Noble Prize Winner Saramago Mocks Judaism

The Gospel According to Jesus Christ

By Jose Saramago

 

The reviews of 1998 Noble Prize winner Jose Saramago’s brilliant book on Amazon and elsewhere
have generally been quite comprehensive, very well written, and informative.
Therefore I will not delve again into the aspects of the novel that they
discussed, such as the book’s plot; whether it is irreverent or blasphemous, as
his native Portugal government claimed; the portrayal of Joseph, Jesus’ natural
father, as an unintelligent, non-expert carpenter who committed an enormous
crime for which he was crucified and whose sin was passed on to his son Jesus;
his frequent exaggerated and satirical depictions of ancient Jews as
primitives; and the author’s unique writing style. I will address two points:
Saramago’s deep understanding of Jewish history, customs, laws, and
sensitivities, and his mocking humor. I know something about Jewish life,
having written some dozen commentaries on the Bible that refer to ancient
practices.

 

Saramago knows the Jewish culture well. He refers to different aspects of it often,
although not always correctly, for Nazarites, for example, are not
non-Levitical priests, as he writes. This is the second novel of his that I
read, the first being “Cain,” and I found that he displayed his knowledge about
ancient Judaism, the Bible, talmudic, midrashic, and legal  literature in both books. However, readers
need to know that he mentions these matters briefly and subtly. He knows that
most people don’t know what he knows; so if he dwells on esoteric subjects over
much, he will bewilder, bore, and even anger his readers. In most incidences,
he distorts and thereby mocks these Jewish references in both books. I’ll give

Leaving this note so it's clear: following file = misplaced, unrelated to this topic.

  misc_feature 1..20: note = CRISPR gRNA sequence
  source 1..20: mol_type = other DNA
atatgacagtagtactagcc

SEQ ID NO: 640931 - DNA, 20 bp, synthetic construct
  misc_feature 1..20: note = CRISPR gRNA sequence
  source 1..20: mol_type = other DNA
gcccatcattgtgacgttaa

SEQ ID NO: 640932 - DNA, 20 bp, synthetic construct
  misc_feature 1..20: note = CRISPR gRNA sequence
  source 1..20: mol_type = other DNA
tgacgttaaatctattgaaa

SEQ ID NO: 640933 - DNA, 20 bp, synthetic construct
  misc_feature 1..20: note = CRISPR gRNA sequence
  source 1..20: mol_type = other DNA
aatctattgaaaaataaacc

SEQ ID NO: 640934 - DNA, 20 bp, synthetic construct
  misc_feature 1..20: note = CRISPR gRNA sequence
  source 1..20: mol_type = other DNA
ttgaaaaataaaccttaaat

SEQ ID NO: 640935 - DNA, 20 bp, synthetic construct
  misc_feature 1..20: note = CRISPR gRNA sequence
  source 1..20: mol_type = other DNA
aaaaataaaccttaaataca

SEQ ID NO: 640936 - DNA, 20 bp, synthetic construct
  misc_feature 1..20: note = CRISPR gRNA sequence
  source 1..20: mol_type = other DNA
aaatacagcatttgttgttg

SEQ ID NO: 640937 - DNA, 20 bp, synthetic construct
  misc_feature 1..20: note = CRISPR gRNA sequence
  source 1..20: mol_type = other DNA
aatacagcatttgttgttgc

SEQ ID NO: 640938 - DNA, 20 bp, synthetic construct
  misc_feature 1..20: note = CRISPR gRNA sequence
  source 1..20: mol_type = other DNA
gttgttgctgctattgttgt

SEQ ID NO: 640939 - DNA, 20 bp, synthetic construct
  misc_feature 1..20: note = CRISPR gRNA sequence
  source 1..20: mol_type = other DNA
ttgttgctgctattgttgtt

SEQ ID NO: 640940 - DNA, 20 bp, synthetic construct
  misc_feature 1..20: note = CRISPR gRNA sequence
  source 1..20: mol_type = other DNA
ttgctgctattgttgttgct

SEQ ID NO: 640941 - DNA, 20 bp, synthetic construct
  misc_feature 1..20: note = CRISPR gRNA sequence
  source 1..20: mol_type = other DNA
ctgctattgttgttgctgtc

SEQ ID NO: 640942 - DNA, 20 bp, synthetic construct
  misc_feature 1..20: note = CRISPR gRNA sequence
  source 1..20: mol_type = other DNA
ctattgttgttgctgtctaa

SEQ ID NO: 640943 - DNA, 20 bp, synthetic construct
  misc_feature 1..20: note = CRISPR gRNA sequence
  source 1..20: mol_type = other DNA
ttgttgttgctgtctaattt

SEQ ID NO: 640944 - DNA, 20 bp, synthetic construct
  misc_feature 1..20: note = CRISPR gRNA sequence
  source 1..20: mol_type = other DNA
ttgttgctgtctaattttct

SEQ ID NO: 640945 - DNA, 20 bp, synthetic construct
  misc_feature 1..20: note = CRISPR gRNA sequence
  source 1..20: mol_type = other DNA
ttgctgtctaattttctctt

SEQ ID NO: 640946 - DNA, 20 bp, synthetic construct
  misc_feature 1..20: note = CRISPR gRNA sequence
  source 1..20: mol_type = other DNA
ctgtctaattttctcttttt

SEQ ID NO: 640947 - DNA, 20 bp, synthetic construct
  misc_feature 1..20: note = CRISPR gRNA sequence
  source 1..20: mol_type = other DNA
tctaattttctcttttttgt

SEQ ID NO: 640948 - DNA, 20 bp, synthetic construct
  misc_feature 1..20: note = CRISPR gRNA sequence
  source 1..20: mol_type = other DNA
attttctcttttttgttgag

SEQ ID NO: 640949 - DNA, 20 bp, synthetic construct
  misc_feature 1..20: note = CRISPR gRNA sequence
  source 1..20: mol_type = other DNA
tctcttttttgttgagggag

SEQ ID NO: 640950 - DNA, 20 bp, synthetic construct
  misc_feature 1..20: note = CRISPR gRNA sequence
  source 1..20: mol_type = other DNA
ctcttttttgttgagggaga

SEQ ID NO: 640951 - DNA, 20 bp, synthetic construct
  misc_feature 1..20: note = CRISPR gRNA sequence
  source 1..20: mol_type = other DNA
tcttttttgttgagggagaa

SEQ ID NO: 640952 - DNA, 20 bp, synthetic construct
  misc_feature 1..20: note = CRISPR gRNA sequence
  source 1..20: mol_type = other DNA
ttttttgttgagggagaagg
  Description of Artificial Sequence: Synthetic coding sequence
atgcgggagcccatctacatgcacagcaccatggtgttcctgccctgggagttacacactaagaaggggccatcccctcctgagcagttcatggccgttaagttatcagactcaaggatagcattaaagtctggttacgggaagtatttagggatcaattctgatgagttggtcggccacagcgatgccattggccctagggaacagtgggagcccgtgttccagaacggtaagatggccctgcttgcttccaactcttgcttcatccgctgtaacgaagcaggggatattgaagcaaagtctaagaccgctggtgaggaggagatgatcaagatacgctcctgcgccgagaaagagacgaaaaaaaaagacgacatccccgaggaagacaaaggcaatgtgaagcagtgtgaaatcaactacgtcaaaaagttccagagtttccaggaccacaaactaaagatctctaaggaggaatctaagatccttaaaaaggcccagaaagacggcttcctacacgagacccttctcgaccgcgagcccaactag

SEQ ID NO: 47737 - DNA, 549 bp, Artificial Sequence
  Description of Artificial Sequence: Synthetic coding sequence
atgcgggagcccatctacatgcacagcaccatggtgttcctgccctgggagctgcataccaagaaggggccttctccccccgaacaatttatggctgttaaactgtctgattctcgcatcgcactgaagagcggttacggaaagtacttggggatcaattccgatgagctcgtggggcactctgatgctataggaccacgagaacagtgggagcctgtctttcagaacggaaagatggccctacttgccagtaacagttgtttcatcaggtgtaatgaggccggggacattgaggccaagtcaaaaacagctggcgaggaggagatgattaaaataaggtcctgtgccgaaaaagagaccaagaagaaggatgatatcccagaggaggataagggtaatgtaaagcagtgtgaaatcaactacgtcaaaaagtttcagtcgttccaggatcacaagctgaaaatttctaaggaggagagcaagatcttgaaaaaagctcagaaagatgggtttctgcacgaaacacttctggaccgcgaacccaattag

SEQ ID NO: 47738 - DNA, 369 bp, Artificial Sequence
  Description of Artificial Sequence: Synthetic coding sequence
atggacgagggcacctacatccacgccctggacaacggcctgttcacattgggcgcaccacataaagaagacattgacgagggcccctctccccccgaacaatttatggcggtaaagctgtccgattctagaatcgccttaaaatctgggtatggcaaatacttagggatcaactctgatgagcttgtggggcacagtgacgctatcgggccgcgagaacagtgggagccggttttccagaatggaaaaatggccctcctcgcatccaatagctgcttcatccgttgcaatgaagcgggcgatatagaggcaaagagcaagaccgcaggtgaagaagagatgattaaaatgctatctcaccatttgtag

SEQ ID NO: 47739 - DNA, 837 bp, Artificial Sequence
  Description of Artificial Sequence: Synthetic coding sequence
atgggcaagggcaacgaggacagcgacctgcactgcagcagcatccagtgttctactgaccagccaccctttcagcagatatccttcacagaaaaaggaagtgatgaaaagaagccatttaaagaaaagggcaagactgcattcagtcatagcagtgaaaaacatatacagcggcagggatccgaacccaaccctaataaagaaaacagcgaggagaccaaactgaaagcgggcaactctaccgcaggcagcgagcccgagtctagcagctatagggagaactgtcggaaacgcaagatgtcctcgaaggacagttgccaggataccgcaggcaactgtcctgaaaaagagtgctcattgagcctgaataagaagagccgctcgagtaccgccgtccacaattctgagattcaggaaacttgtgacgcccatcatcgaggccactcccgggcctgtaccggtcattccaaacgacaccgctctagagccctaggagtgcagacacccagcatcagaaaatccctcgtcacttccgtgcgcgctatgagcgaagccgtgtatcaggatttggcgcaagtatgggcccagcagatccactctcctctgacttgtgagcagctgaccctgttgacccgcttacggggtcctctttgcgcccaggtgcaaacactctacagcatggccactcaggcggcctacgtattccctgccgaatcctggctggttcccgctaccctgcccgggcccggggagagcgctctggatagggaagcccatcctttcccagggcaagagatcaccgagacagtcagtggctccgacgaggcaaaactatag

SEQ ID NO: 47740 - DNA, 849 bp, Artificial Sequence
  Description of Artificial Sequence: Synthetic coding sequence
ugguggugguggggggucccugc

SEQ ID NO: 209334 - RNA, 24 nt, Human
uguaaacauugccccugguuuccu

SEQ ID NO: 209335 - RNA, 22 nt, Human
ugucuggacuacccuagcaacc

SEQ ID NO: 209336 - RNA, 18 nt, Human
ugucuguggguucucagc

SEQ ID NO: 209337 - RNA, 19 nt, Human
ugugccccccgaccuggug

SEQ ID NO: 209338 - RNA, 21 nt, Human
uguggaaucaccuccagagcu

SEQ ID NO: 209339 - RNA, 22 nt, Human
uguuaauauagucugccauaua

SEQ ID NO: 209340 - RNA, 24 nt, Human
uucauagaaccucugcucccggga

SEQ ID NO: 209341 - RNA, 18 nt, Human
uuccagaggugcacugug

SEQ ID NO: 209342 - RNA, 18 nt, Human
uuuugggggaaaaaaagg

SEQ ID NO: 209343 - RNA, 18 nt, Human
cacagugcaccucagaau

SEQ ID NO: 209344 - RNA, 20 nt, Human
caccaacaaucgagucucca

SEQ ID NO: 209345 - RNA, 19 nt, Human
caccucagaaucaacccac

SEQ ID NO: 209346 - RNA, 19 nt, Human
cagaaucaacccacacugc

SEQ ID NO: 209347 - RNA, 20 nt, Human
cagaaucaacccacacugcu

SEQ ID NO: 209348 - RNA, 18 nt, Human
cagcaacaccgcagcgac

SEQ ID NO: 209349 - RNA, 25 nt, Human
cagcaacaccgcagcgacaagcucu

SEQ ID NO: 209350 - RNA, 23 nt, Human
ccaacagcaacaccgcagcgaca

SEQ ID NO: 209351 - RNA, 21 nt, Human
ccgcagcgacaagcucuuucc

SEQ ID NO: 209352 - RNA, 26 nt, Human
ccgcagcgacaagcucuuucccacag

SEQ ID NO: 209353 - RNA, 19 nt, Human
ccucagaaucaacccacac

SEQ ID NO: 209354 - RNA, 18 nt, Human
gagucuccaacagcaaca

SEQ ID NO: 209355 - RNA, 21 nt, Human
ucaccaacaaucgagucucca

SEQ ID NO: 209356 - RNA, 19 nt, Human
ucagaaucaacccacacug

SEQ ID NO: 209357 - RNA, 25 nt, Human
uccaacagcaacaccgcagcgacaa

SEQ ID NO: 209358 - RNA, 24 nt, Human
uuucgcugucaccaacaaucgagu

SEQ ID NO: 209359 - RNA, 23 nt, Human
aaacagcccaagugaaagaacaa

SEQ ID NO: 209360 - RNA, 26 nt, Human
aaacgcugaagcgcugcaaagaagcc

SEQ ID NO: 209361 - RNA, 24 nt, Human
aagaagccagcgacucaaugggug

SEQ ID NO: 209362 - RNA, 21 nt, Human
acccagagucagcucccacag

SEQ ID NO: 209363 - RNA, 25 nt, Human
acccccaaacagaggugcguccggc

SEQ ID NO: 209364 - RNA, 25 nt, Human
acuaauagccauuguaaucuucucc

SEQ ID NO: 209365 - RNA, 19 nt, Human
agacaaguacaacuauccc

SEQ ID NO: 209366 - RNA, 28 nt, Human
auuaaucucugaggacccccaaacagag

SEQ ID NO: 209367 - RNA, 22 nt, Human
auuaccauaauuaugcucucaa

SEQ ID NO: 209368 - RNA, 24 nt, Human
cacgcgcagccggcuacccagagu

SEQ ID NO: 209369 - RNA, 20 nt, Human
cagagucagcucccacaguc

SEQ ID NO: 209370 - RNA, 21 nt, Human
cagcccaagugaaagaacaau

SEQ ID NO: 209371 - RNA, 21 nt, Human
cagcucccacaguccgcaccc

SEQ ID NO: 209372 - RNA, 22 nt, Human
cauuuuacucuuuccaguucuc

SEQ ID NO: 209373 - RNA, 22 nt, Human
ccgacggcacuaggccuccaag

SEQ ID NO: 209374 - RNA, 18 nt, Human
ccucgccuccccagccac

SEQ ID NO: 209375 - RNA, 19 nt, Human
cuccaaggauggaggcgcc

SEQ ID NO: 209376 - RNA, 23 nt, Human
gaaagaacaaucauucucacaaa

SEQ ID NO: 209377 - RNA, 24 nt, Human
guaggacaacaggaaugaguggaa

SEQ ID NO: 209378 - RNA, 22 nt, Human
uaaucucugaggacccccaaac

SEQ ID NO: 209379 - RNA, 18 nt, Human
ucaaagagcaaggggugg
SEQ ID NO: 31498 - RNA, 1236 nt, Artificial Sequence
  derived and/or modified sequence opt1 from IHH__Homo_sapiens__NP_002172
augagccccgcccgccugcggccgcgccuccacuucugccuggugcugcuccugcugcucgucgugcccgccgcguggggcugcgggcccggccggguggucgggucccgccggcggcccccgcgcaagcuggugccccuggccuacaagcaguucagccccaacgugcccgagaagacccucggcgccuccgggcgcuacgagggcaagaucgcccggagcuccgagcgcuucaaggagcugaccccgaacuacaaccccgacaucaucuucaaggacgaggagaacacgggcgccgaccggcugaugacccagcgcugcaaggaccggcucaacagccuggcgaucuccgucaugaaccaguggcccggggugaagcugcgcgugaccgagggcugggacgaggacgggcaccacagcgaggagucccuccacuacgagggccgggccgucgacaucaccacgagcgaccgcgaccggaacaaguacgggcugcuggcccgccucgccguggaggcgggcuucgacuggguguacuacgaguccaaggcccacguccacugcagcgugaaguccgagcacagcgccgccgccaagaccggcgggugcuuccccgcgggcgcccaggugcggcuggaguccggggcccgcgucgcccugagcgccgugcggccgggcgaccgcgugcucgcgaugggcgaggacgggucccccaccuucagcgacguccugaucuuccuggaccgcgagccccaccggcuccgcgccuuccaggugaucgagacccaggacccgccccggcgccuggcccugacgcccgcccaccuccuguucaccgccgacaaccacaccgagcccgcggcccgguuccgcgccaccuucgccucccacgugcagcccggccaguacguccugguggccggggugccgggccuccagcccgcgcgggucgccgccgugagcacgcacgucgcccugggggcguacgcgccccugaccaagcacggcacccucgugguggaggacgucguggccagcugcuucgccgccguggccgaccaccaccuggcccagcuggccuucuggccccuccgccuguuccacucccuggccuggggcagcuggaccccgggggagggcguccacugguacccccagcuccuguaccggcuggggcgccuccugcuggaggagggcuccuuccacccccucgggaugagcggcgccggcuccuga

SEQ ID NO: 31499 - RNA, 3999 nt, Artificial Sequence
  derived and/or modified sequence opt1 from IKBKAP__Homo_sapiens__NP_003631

one example from this book.

 

Some ancient Jews developed a prayer that male Jews should say in the morning:
“Blessed are you Lord, the God who is king of the universe, who did not make me
a woman.” The prayer apparently intended to say, thank you God who gave me as a
male more of your commands to observe than you gave to women to observe.
Despite good intentions, this prayer outraged women and men who sensitively
realized that the prayer insults women; for it is as if the man is saying,
thank you God for not making me into this subhuman creature. Another problem is
that women who want to pray are unable to say this prayer. After some years,
rabbis invented a substitute prayer for women: “Blessed are you Lord, the God
who is king of the universe, who created me as you wanted.”

 

Saramago mocks this unfortunate history and the two prayers. He describes the terrible
condition of women during the beginning of the Common Era. Then he portrays
Joseph having intercourse with a passive Mary. Joseph does so with
insensitivity, without consideration for her feelings, almost like rape. He finishes,
roles off his wife in ecstasy, says nothing to Mary, and almost howls like a
rooster as he thanks God for what he has just experienced by reciting, “Blessed
are you Lord, the God of the universe, who did not make me a woman.” Submissive
Mary accepts her role as a passive participant by saying,  “Blessed are you God who is king of the
universe, who created me as you wanted.”

 

This portrayal will insult, horrify, and appall many, but not all Christians, Jews,
and Muslims, but this is how the Portuguese Nobel Prize Winner Jose Saramago
thinks and writes.

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